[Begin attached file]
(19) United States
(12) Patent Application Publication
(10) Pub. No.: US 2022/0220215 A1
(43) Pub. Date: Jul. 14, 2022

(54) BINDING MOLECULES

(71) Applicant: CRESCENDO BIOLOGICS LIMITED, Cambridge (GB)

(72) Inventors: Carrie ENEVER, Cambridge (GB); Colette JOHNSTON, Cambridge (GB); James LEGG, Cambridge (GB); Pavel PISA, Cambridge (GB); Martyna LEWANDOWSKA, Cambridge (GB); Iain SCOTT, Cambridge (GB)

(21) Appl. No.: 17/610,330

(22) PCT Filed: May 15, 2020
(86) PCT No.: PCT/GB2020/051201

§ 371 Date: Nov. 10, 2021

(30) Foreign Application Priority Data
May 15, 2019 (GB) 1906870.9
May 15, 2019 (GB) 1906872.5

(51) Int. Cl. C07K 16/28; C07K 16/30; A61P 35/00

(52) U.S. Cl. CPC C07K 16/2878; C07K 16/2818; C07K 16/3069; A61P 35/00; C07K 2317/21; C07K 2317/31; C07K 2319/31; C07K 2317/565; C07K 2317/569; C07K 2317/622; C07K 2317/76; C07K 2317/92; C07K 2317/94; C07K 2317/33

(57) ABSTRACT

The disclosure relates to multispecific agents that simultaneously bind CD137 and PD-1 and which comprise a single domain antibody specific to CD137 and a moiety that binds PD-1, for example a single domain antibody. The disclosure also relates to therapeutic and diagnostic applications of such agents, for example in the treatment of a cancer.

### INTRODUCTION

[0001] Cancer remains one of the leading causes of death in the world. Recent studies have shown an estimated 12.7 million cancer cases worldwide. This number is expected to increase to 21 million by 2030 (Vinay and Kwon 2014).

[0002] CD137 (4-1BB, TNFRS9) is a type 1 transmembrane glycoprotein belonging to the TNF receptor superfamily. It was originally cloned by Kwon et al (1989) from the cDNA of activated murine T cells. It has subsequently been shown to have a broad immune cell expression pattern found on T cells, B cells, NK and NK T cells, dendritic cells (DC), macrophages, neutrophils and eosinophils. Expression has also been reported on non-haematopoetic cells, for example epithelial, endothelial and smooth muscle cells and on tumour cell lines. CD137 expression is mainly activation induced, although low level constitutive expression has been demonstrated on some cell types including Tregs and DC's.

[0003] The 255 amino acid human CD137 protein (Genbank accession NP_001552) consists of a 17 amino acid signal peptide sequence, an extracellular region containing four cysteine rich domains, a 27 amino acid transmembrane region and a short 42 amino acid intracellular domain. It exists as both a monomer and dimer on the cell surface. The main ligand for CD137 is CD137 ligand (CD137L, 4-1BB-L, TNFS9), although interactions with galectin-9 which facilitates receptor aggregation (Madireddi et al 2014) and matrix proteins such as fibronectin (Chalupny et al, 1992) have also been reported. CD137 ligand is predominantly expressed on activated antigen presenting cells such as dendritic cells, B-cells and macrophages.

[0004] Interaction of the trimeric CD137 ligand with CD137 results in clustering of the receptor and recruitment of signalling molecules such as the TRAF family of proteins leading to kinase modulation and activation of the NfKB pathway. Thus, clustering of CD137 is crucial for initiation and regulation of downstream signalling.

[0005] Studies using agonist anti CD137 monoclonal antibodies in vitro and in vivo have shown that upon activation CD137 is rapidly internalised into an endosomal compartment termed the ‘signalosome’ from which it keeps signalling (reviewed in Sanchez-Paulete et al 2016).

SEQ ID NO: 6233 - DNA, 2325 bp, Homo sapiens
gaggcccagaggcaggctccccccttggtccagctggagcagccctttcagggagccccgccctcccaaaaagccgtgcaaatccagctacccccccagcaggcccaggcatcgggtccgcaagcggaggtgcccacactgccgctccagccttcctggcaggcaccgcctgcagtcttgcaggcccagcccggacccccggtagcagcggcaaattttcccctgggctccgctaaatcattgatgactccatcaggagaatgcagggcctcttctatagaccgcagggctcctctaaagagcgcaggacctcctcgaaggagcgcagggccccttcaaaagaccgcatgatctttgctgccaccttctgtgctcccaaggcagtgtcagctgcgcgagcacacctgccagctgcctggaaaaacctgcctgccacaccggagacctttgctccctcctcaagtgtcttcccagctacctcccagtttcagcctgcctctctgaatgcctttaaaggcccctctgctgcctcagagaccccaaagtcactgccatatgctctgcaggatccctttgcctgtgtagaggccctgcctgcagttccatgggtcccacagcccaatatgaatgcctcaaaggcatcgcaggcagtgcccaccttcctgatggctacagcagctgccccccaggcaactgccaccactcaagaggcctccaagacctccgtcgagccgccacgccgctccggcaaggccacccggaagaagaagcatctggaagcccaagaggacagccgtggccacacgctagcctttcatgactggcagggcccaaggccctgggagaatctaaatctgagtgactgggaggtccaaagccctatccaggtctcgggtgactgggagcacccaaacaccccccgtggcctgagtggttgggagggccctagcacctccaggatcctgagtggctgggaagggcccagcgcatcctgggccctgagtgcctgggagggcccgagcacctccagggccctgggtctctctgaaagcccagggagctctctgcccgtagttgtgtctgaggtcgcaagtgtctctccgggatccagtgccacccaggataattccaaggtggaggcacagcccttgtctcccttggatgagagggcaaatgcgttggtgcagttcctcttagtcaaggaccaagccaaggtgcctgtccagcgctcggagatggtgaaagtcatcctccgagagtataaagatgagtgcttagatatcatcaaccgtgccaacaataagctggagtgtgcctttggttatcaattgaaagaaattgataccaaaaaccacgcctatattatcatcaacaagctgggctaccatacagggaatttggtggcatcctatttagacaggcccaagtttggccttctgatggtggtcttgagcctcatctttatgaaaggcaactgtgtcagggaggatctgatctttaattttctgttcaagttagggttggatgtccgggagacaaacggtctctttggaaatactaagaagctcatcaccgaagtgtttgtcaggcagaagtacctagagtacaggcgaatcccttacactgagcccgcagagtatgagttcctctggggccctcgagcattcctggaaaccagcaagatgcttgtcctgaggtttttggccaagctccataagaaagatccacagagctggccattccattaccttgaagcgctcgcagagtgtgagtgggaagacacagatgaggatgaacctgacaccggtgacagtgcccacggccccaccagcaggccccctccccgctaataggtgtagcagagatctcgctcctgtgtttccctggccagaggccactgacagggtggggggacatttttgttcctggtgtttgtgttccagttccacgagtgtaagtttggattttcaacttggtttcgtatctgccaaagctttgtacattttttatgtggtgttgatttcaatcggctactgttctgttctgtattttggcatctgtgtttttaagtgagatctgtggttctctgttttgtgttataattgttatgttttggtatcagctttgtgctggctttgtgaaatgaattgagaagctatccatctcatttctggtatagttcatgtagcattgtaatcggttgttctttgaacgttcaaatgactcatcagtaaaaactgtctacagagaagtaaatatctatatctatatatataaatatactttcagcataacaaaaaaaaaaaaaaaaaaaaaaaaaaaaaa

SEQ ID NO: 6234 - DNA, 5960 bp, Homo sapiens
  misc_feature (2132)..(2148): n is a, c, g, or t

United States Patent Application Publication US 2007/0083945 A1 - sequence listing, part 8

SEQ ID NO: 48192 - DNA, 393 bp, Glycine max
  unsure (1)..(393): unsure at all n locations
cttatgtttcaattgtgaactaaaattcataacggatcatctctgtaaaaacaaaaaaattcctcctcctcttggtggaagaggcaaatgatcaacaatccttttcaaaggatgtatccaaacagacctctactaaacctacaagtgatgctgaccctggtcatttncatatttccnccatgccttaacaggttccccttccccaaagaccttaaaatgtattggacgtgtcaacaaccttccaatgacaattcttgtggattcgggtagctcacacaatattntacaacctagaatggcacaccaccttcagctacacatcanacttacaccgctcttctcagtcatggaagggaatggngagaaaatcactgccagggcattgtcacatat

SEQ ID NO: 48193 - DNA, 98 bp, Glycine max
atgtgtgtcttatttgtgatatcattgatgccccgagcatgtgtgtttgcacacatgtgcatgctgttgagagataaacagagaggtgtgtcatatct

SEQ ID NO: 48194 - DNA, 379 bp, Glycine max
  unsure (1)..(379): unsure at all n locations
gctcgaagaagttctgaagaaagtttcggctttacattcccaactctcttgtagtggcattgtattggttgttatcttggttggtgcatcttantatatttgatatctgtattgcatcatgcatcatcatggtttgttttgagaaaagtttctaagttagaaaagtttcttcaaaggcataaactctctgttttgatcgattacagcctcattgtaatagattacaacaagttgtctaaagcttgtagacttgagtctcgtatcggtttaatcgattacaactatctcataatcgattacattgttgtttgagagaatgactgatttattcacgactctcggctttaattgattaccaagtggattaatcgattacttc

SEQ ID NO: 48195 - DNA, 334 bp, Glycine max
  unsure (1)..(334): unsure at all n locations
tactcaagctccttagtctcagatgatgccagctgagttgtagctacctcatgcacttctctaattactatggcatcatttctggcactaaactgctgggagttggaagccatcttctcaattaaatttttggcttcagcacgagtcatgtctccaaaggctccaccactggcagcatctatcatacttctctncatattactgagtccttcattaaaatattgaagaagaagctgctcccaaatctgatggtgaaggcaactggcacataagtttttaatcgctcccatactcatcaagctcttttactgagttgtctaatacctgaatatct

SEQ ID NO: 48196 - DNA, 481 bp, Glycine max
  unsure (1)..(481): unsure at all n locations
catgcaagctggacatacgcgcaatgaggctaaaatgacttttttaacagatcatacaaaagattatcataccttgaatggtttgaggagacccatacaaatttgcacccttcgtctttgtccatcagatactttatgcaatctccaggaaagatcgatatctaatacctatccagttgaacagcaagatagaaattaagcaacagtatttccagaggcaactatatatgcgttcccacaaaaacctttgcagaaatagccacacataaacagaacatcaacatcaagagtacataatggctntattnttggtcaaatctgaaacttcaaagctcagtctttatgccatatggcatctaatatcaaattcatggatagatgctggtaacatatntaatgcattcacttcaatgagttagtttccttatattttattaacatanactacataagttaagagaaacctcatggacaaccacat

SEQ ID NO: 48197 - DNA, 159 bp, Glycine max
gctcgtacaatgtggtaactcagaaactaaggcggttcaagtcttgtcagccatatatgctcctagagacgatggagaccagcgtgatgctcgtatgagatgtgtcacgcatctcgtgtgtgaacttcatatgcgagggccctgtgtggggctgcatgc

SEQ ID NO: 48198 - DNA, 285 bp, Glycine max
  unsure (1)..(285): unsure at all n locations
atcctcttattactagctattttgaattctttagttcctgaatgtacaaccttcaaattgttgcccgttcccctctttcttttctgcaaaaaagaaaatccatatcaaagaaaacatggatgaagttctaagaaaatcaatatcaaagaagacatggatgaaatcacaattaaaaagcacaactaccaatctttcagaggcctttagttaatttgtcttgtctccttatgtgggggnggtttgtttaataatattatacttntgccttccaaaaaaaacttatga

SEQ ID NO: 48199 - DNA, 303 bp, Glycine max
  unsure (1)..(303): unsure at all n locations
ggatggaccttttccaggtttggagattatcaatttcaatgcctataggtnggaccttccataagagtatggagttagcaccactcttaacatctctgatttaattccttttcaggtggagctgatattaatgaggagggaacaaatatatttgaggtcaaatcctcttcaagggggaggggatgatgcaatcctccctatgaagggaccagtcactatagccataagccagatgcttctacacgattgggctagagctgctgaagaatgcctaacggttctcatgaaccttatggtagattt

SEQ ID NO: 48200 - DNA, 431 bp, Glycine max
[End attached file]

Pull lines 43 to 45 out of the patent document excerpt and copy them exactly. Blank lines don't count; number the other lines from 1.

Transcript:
catgcaagctggacatacgcgcaatgaggctaaaatgacttttttaacagatcatacaaaagattatcataccttgaatggtttgaggagacccatacaaatttgcacccttcgtctttgtccatcagatactttatgcaatctccaggaaagatcgatatctaatacctatccagttgaacagcaagatagaaattaagcaacagtatttccagaggcaactatatatgcgttcccacaaaaacctttgcagaaatagccacacataaacagaacatcaacatcaagagtacataatggctntattnttggtcaaatctgaaacttcaaagctcagtctttatgccatatggcatctaatatcaaattcatggatagatgctggtaacatatntaatgcattcacttcaatgagttagtttccttatattttattaacatanactacataagttaagagaaacctcatggacaaccacat

SEQ ID NO: 48197 - DNA, 159 bp, Glycine max
gctcgtacaatgtggtaactcagaaactaaggcggttcaagtcttgtcagccatatatgctcctagagacgatggagaccagcgtgatgctcgtatgagatgtgtcacgcatctcgtgtgtgaacttcatatgcgagggccctgtgtggggctgcatgc